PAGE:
6. “Sad-Eyed Lady of the Lowlands” ('Blonde on Blonde')
A love song to his then-wife, Sara Lownds, Bob Dylan penned a virtuous epic narrative to commemorate his marriage and love on the album Blonde on Blonde. This song is normally known as one of the stronger tracks on the album, and has since become one of the greatest love songs of the 1960s. The song consists of imagery relating to a beautiful and flawless woman who gets stolen away by a “thief,” because her “magazine husband” who had to leave (referring possibly to the photographer Hans Lownds who was married to Sara before Bob Dylan was). The song’s abstract imagery is quite possibly some of the most cryptic lyrics that Bob Dylan has ever written for a refrain: “my warehouse eyes, my Arabian drums…” being some of my personal favourite lines on the whole album. They are repeated over and over to give a connection between speaker and subject that cannot be broken.
5. “Jokerman” ('Infidels')
Bob Dylan’s epic narrative that seems to be him talking to himself, “Jokerman,” has since gone down in history as one of his most well-known and well-appreciated songs. From the drum roll introduction to the prince dressed in scarlet, this song is a straight up and down epic narrative telling the story of a man who asks for too much. The “Jokerman” himself seems to be one of the older versions of Bob Dylan. This song is not to be taken lightly, it is an extreme critique of character, and Bob Dylan is almost mocking himself and rejecting his own past self at the same time. So, even though he may be the bard, the troubadour, and the God of Folk, he is also the Jokerman who once “(danced) to the nightingale tune” as the “bird (flew) high by the light of the moon…”
4. “Isis” ('Desire')
Cinco de Mayo seems to be not only a theme in this song, but is also possibly the central point of the entire chain of events that takes place throughout the narrative. “I married Isis on the Fifth Day of May, but I could not hold on to her for very long…” It has a rolling beat, which sounds like one of those Old Mexican Poems you hear by a campfire at night. A beautiful song that seems to pay homage to Mexican traits as well as the folk days of old—a sort of Don Quixote situation of character, and a story of adventure. I love this song because of how epic it is. It goes from old Dylan to New Dylan, and back again with the character of “I” and “He.”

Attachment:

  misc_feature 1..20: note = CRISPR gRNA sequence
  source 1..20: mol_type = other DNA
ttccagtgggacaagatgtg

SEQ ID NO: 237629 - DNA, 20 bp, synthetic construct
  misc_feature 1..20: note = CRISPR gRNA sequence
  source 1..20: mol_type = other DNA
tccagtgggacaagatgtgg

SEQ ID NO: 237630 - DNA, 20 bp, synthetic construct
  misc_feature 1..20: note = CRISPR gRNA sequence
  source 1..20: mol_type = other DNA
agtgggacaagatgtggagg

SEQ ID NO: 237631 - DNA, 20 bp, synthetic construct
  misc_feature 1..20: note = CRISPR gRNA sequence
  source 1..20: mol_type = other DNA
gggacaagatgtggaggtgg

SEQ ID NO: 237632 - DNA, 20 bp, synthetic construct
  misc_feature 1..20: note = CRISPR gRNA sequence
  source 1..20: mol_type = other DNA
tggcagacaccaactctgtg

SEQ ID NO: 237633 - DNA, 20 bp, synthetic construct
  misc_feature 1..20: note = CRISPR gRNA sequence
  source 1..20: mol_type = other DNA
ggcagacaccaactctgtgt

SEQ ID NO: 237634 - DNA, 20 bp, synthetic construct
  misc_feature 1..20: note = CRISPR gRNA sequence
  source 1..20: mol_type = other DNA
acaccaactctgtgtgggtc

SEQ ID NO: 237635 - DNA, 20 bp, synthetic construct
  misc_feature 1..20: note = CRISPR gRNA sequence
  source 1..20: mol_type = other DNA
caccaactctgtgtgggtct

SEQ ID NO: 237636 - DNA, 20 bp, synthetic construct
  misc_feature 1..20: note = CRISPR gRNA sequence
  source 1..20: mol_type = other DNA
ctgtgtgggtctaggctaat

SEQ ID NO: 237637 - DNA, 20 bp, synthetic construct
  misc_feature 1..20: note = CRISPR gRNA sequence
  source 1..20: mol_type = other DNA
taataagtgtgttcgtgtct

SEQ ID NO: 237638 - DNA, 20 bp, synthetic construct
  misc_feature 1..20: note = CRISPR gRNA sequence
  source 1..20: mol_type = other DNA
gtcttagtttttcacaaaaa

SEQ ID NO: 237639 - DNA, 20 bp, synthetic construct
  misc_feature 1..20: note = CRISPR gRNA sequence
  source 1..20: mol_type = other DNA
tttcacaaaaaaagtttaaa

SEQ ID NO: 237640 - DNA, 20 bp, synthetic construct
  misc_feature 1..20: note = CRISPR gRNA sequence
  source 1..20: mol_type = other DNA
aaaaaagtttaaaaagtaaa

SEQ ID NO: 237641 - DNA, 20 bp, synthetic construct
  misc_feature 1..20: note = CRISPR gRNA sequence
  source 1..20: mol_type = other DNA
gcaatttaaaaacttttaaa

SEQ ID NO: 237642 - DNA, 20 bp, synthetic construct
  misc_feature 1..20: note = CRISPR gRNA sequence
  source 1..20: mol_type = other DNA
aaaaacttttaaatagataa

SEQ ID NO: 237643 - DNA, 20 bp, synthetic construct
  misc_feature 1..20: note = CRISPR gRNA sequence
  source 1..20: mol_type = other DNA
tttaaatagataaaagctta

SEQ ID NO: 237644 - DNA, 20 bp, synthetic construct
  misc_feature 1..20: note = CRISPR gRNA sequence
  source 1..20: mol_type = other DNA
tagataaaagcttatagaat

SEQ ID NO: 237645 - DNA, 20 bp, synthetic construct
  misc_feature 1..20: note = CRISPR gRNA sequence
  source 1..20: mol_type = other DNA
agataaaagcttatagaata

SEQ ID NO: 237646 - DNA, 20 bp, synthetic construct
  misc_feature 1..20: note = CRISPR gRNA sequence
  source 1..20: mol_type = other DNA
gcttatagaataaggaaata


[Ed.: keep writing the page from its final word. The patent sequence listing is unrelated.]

3. “Chimes of Freedom” ('Another Side of Bob Dylan')
One of Bob Dylan’s earlier epics, this is what happens when Dylan mixes protest anthem with storytelling. It is a beautiful song with the refrain “and we gazed upon the chimes of freedom flashin’” it makes for a beautiful epic narrative of snapshots (yet again) of the 1960s political and social climate. There’s something really deep and meaningful about this song, as if Bob Dylan is trying to convey his time and place to people who cannot understand it. As if he knew that this song would be listened to for years to come, and thus, he’s telling the story to the future about the times that have gone by. It’s a beautiful, brilliant, and yet, musically simplistic song with some absolutely phenomenal lyrics that create the “epic” nature of the track.
2. “Senõr” ('Street-Legal')
This is one of Bob Dylan’s darkest songs in my own opinion, and has the greatest potential to be one of the darkest songs ever written. The feeling you get from this song is perfectly haunting, and the epic only includes two or three real characters. There’s the protagonist who doesn’t know where they’re going, (possibly Bob Dylan moving towards the gospel era and finding God). There’s the “senõr” who the narrator/protagonist is talking to (who is possibly God, or an unknown force that moves Dylan towards the gospel era), and then there’s the “she” (possibly being Sara Lownds who broke up with Dylan after failing to understand him, in his own opinion) who “held (him) in her arms and said 'forget me not.'” The song is filled with questions without answers—the most poignant being at the end of the song, which heightens the anticipation: “Can you tell me what we’re waiting for senõr?”
“Tin Angel” (Tempest)
“A Hard Rain’s a-Gonna Fall” (The Freewheelin’ Bob Dylan)
“No Time to Think” (Street-Legal)
“When I Paint My Masterpiece” (Bob Dylan’s Greatest Hits)
“The Times They Are a-Changin’” (The Times They Are a-Changin’)
“Highlands” (Time Out of Mind)
“Man in a Long Black Coat” (Oh Mercy)
“The Ballad of Frankie Lee and Judas Priest” (John Wesley Harding)
“The Lonesome Death of Hattie Carroll” (The Times They Are a-Changin’)
“Scarlet Town” (Tempest)
“Lily, Rosemary and the Jack of Hearts” (Blood on the Tracks)
“Gates of Eden” (Bringing it All Back Home)
“Stuck Inside of Mobile with the Memphis Blues Again” (Blonde on Blonde)
“Simple Twist of Fate” (Blood on the Tracks)
“It’s Alright Ma (I’m Only Bleeding)” (Bringing it All Back Home)
“Romance in Durango” (Desire)
1. “Blind Willie McTell” ('The Bootleg Volumes 1-3')
From the very start of this epic, there is an apocalyptic vision of social change encompassed in the fact that “nobody can sing the blues like Blind Willie McTell…” and as true as that may be, this is one of the darkest, most haunting epics ever to be written. It is also one of the greatest songs ever written in my own opinion. This epic is haunting, not only because of the apocalyptic lyrics, but also because of the simple guitar and piano playing in a minimalistic fashion in the background. Bob Dylan uses power and vigour to sing this song, building it up throughout to the point where he’s “staring out the window of the St. James Hotel…” but as apocalyptic as it might be, there is one true fact in this song: it is universally acknowledged that nobody can sing the blues like Blind Willie McTell.